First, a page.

Talie shares her experiences as a survivor of violence.
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[Title on screen reads, ‘Talie’s Story’]
[Text on screen reads, ‘Content Warning: Includes discussion of intimate partner and childhood violence and abuse’]
[Our Site logo]
[Forty something Talie, is wearing a straw hat and glasses]
I have been a consultant and advocate in the space of homelessness and DV, really, for quite a few years now. I absolute love doing it, 'cause I love facilitating change and I love when people feel like their story is being said by someone and they can really hear what's going on. So, I grew up in a family where there was a lot of violence. I had disabilities myself, so I felt quite trapped in that family. And then, later in life, I ended up marrying someone who was also violent. But he presented very differently. There wasn't an obvious connection with violence when I first met him. And I think that's one of the problems, we often associate violence with the dramatic ends, where women are quite seriously injured, but we don't associate them with the emotional abuse and the spiritual abuse, the psychological games, all of that kind of stuff. And we think, "Oh, basically, violence is about hurting a woman physically," but it's so much more than that.
For me, I couldn't get anyone to believe me. And when I left, no-one believed me, because they were like, "Oh, but he's such a lovely guy," and, "Look how he looks after you. "He takes you to appointments "and he does all these great things for you." And so no-one actually saw what I was really living with. I think I'm starting to realise just how much an impact there is with disabilities and violence, and I think I hadn't realised just how much that was there before. And the more I've been thinking about my own story and the more I've been listening to others talk about things, I realise that it's actually quite a serious issue and quite a serious problem and something I think I haven't really wanted to think about before or wanted to connect before, but I think it's really important when other people hear how it impacts and they can have that moment of, "Yeah, that's me, too. "Somebody else gets it."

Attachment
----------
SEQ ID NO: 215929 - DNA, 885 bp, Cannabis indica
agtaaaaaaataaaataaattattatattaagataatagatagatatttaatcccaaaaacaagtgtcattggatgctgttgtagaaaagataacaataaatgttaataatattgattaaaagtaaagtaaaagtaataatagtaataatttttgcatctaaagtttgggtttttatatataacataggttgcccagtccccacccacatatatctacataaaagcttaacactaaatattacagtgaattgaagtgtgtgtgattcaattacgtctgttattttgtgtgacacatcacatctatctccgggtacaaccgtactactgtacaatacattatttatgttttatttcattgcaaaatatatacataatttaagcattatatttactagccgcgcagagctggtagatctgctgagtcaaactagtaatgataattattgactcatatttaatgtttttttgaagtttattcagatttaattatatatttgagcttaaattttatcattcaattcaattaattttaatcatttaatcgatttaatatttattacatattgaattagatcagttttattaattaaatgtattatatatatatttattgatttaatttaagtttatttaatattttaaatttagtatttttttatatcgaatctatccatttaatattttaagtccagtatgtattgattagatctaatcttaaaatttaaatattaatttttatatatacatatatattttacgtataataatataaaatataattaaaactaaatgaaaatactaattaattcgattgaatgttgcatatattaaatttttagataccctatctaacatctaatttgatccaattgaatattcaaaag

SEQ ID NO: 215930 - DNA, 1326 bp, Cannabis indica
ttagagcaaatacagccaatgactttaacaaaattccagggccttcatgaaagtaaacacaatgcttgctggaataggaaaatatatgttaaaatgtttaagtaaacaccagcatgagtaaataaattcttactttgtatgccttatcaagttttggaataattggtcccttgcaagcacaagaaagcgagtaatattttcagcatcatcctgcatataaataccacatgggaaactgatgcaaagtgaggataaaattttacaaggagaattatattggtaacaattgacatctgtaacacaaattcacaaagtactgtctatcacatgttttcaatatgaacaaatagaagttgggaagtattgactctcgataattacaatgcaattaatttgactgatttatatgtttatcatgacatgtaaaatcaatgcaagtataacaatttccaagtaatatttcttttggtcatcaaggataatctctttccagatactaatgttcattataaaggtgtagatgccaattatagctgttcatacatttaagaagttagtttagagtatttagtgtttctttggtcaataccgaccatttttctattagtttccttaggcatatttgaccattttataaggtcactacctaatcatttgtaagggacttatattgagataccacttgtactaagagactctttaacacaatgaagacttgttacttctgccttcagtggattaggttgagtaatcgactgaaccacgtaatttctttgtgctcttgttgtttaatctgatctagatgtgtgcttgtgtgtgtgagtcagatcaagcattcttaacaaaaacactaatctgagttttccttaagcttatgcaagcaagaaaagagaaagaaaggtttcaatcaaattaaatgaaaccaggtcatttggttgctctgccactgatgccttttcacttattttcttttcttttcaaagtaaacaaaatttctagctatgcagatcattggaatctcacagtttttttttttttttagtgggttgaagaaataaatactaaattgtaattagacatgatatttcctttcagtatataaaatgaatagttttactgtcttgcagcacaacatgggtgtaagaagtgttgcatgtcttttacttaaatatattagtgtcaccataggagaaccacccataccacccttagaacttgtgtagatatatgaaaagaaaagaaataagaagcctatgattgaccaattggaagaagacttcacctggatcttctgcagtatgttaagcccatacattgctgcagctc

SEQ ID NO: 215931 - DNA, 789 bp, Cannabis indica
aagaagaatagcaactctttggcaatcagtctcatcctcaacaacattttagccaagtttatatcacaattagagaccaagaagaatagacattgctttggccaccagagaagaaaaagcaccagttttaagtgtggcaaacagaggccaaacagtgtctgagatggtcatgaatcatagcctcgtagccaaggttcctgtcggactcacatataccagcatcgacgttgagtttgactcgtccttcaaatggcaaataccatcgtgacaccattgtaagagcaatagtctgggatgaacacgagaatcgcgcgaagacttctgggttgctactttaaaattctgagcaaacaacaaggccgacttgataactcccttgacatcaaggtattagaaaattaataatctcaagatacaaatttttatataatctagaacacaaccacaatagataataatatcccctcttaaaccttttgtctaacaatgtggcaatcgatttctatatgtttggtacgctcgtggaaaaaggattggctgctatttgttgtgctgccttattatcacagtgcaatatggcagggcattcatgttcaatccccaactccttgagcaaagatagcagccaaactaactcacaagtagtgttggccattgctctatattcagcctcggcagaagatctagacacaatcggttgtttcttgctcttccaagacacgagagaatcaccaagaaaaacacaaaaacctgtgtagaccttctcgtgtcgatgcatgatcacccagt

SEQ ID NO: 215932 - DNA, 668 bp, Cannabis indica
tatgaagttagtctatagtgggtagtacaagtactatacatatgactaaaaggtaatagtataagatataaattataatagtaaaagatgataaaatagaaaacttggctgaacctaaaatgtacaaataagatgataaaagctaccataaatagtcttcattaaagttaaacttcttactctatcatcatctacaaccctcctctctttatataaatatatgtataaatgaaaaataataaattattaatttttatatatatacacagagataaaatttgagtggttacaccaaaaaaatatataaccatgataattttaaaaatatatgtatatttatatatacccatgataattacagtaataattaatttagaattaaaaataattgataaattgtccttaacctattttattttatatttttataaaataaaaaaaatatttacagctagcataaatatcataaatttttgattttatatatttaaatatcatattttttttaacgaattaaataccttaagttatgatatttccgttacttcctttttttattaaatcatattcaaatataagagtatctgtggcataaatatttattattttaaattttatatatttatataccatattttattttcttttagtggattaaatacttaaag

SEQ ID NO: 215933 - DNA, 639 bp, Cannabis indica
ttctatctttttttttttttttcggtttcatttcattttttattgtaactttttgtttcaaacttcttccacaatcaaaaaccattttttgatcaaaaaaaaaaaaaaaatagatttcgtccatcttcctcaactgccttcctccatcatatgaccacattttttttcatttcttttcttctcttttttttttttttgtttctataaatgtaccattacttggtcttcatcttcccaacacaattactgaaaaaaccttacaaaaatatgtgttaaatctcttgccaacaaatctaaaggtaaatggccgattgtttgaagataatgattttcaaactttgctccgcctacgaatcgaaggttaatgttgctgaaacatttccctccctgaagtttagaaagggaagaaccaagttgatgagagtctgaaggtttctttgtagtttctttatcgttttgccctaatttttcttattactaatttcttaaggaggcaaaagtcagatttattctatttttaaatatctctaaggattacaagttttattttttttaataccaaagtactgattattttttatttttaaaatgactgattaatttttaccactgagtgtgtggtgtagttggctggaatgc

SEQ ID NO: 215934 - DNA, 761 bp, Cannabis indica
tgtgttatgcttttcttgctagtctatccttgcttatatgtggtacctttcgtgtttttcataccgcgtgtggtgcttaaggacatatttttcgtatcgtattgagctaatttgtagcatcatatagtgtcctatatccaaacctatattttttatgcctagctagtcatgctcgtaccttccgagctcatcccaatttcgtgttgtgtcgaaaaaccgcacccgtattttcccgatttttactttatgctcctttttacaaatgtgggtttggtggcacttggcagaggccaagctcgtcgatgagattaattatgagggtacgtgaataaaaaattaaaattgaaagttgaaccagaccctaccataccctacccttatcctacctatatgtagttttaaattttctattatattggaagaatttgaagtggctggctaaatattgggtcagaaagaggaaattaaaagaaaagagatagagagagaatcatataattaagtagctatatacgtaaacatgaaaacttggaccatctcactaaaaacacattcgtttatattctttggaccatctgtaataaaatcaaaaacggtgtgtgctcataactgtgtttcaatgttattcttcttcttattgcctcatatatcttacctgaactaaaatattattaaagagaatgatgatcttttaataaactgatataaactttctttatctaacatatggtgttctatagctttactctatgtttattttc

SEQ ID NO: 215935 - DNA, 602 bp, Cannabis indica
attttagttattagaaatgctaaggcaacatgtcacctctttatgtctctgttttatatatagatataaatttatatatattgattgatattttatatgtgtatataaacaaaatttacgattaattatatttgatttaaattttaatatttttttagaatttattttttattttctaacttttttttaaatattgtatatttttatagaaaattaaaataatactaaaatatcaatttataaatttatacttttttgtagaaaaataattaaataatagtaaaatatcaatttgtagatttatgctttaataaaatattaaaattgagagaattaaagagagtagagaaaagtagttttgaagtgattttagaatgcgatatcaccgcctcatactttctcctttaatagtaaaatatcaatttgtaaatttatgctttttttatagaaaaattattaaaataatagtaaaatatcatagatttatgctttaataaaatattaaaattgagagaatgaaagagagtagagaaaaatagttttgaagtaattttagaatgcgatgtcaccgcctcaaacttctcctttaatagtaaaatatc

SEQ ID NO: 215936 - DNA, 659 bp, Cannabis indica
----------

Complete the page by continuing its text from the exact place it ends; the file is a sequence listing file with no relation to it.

I was very seriously injured in an accident, so I needed him to take me to appointments, I needed him to get things for me, I needed him to cook and help at home. I just didn't have the capacity that I had before. And it means that...you think that they're helping you, but really it's a form of control that you're not aware of. Because they like that dependency, because that means then they've got power. I think there's so many more things to weigh up when you have disabilities. So, I've learned to hide my limp. So, sometimes I limp, not always, but I can actually do it so no-one notices that I'm limping. And I do that because if people see you limping, then they see a sign of weakness, basically. And then, when they see a sign of weakness, they will attack.
I've had to go into the housing system, and the level of abuse that continues within that is astounding. And if they know you have disabilities and they know you have vulnerabilities, they will just keep pushing. A friend of mine said, "Oh, it's a system that's set up to break you." And I just really feel like that there's so many government systems out there that are literally set up to break you. They're all power and control systems. So, you might leave violence, but then you end up back in violence with, you know, all these different government systems telling you what to do and how to behave and how you're not doing what they want you to do, and then they just keep pushing and pushing and pushing until you're traumatised. And I just don't think this place is set up for anyone who shows any weakness or any vulnerability. And it's hard, because that's what...really brings the heart out in our society, when we can be vulnerable, when we can be real, when we can show that things are not easy and work as a community to resolve things.